KATHMANDU, Nepal (AP) — Rescuers zeroed in on a possible location of a passenger plane with 22 people aboard that is feared to have crashed Sunday in cloudy weather in Nepal’s mountains, officials said.
The Tara Air plane, which was on a 20-minute scheduled flight to the mountain town of Jomsom, took off from the resort town of Pokhara, 200 kilometers (125 miles) east of Kathmandu. The turboprop Twin Otter aircraft lost contact with the airport tower close to landing in an area of deep river gorges and mountaintops.
An army helicopter as well as private choppers were taking part in the search, the Civil Aviation Authority of Nepal said in a statement.
Army troops and rescue teams were headed to the possible site of the crash, believed to be around Lete, a village in Mustang district, Narayan Silwal, the army spokesman, said on Twitter.
“Poor visibility due to bad weather is hindering the efforts. The plane has not yet been located,” he said. Rescuers were trying to reach an area where locals allegedly saw a fire, although it is still unclear what was burning, Silwal added. He said that officials can only verify the information once the troops reached the location.
Sudarshan Bartaula, spokesman for Tara Air, said the air search may have to be stopped for the day because of nightfall. “Rescuers have narrowed down a possible location of the plane, but have not found any sign of the aircraft,” he said.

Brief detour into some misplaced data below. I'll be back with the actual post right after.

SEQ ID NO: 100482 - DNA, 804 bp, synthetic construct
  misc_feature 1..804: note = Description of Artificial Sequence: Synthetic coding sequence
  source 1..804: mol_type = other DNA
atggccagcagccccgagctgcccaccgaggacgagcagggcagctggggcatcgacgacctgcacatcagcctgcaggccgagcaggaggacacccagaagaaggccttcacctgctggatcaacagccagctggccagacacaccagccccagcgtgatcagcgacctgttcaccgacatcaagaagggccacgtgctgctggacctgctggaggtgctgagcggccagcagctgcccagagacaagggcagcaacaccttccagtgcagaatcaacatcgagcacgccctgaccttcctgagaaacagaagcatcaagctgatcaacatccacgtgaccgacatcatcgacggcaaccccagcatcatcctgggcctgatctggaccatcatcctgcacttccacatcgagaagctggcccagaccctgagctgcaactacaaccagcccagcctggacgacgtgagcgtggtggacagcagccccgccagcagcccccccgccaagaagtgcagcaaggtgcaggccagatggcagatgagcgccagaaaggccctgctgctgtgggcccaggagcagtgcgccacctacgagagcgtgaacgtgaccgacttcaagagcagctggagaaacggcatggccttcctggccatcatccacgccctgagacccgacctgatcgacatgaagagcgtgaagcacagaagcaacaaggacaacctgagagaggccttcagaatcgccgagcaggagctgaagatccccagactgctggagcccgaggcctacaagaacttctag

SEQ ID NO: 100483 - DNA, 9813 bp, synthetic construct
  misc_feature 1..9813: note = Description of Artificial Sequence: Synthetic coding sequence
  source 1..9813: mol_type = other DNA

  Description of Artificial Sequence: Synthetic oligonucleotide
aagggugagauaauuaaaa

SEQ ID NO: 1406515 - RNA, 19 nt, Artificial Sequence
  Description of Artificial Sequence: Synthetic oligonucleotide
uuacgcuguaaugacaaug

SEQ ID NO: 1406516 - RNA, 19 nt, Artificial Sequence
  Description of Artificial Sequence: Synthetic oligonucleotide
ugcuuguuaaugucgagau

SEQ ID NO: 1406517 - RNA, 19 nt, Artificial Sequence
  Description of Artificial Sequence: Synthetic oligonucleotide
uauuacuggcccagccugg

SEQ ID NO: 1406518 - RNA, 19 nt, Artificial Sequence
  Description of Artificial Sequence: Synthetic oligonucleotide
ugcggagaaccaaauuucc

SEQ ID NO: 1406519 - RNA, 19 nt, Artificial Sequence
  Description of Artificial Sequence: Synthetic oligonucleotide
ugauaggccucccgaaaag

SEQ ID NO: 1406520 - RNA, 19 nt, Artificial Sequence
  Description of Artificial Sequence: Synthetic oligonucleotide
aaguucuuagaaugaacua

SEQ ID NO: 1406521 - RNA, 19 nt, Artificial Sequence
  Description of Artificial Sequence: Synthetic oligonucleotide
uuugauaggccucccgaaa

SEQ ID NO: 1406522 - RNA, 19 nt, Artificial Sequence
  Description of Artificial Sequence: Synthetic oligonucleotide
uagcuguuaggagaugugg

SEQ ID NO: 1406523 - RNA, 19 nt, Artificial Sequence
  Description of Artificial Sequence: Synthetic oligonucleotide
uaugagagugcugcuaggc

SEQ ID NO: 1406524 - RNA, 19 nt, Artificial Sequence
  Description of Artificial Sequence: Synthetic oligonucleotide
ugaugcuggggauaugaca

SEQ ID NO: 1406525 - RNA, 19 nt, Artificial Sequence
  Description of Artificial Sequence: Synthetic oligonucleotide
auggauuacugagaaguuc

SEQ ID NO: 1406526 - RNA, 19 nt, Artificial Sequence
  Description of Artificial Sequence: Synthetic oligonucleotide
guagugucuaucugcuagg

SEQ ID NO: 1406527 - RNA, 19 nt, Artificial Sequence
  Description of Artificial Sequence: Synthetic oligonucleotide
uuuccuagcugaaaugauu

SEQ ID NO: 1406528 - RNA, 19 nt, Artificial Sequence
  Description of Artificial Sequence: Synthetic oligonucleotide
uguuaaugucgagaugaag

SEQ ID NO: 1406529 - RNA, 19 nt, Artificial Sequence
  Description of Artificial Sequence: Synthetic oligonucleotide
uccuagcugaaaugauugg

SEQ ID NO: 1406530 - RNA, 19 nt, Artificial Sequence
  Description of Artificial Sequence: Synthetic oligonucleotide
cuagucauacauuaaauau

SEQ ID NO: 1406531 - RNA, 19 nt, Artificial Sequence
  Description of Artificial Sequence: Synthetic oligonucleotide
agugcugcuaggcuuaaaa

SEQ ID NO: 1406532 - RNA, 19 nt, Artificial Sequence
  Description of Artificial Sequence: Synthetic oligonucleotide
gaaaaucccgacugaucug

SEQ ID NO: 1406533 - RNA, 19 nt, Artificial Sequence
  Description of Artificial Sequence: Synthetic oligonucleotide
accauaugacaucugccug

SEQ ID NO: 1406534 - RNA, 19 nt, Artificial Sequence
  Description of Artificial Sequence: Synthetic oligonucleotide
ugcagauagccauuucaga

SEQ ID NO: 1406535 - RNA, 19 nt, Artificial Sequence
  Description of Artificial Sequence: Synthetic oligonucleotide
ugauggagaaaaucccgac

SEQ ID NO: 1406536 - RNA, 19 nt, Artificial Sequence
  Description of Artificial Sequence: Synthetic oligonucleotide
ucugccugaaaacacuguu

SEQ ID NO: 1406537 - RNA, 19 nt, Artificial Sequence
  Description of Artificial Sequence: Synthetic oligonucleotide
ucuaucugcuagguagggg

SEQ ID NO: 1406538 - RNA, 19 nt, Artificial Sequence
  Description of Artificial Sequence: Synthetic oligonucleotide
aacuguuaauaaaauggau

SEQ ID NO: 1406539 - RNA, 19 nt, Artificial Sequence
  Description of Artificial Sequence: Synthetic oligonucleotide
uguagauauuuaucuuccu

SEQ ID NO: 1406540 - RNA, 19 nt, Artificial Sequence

According to plane tracking data from flightradar24.com, the 43-year-old aircraft took off from Pokhara at 04:10 GMT and transmitted its last signal at 04:22 GMT at an altitude of 12,825 feet (3,900 meters).
There were six foreigners on board the plane, including four Indians and two Germans, according to a police official, who spoke on condition of anonymity because he wasn’t authorized to talk to the media.
The plane carried 19 passengers and three crew, Bartaula said.
It has been raining in the area for the past few days but flights have been operating normally. Planes on that route fly between mountains before landing in a valley.
It is a popular route with foreign hikers who trek on the mountain trails and also with Indian and Nepalese pilgrims who visit the revered Muktinath temple.
In 2016, a Tara Air Twin Otter flying the same route crashed after takeoff, killing all 23 people aboard. In 2012, an Agni Air plane also flying from Pokhara to Jomsom crashed, killing 15 people. Six people survived. In 2014, a Nepal Airlines plane flying from Pokhara to Jumla crashed, killing all 18 on board.
In 2018, a US-Bangla passenger plane from Bangladesh crashed on landing in Kathmandu, killing 49 of the 71 people aboard.